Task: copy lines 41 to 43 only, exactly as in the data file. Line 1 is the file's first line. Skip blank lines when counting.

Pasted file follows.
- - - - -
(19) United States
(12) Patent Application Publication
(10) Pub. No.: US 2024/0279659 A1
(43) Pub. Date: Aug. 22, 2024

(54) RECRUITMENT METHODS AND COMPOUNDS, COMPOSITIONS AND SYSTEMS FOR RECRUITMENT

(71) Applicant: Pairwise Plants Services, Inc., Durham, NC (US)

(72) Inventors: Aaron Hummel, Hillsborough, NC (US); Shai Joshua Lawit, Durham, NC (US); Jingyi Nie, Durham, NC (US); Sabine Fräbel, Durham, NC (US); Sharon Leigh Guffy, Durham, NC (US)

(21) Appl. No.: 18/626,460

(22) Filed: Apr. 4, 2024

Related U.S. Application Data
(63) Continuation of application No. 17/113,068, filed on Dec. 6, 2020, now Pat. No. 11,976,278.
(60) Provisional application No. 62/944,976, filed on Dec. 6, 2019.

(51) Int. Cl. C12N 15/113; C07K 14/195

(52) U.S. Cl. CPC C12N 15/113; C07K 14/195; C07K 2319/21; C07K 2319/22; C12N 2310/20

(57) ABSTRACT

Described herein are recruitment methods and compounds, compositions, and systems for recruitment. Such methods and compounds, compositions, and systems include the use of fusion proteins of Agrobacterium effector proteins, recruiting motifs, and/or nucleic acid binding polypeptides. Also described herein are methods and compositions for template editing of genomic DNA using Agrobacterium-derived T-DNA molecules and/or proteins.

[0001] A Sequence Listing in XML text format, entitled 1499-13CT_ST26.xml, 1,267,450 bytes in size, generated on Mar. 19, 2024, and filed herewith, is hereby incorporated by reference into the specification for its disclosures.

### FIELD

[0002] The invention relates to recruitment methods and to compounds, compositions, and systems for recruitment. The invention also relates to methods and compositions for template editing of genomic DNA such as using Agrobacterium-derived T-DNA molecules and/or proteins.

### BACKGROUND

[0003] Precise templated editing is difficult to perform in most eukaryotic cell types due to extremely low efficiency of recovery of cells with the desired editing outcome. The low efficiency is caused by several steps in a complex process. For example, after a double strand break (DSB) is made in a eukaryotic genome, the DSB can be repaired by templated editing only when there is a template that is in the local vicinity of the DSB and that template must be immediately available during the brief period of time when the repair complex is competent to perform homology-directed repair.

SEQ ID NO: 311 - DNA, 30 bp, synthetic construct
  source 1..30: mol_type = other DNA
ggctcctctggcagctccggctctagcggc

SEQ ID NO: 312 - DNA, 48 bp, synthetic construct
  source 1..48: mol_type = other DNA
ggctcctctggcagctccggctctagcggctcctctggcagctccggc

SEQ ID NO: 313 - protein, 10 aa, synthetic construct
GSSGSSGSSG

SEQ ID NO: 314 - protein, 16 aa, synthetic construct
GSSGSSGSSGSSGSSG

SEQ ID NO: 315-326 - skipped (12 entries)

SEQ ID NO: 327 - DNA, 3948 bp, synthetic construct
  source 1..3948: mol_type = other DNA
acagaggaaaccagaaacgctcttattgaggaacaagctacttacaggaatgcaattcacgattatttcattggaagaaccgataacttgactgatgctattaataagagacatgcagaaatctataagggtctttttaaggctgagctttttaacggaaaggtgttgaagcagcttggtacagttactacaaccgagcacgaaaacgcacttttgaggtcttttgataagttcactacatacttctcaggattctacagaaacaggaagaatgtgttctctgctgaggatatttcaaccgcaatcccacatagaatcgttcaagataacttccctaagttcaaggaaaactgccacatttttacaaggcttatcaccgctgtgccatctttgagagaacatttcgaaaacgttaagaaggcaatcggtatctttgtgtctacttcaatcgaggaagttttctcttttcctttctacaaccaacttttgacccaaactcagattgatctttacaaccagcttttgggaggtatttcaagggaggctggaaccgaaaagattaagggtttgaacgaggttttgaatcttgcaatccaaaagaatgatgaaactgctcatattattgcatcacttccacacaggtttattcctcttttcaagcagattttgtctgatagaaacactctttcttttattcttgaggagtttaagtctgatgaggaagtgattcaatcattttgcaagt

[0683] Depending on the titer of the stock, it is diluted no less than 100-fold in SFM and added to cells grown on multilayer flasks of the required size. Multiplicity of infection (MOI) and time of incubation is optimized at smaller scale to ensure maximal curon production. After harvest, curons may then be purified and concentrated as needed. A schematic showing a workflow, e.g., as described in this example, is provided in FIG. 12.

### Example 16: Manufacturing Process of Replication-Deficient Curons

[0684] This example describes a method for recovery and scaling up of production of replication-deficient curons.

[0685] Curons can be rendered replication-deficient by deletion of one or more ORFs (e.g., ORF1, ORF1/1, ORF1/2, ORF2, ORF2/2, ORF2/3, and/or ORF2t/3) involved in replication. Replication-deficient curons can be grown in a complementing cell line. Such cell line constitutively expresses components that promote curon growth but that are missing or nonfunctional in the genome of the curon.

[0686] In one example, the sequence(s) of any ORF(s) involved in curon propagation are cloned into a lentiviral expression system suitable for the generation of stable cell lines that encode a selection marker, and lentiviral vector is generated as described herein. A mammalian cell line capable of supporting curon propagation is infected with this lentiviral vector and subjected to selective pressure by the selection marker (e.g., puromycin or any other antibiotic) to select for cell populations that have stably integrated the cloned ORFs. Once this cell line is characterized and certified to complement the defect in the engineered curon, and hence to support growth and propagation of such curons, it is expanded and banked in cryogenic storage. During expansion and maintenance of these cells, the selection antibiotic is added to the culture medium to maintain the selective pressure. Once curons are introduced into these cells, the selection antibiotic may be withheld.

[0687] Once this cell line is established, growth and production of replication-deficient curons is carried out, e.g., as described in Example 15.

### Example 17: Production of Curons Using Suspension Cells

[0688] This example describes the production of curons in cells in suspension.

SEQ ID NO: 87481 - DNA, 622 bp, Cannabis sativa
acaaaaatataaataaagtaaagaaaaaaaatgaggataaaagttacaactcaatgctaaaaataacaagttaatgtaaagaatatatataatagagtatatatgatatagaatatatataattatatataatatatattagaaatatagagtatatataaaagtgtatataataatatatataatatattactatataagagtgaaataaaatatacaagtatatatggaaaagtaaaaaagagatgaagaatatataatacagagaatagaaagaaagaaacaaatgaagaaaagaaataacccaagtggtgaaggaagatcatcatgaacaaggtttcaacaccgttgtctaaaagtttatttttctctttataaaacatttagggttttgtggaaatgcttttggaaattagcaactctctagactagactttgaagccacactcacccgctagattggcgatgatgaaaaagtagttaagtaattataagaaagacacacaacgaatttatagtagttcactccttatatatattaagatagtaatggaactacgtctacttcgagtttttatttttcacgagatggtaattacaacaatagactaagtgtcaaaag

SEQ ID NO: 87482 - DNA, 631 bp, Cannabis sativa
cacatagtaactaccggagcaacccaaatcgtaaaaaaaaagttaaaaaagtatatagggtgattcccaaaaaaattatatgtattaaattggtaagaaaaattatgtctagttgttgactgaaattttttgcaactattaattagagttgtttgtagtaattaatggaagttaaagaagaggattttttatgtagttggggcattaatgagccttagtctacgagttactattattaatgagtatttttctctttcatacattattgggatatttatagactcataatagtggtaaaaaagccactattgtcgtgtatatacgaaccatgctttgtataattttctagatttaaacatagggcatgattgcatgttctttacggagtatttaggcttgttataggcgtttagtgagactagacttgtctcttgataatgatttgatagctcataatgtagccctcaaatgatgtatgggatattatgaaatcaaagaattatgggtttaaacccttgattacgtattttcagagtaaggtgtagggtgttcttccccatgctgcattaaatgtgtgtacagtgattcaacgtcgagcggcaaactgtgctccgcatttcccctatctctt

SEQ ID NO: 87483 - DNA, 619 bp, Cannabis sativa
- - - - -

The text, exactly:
[0687] Once this cell line is established, growth and production of replication-deficient curons is carried out, e.g., as described in Example 15.

### Example 17: Production of Curons Using Suspension Cells

[0688] This example describes the production of curons in cells in suspension.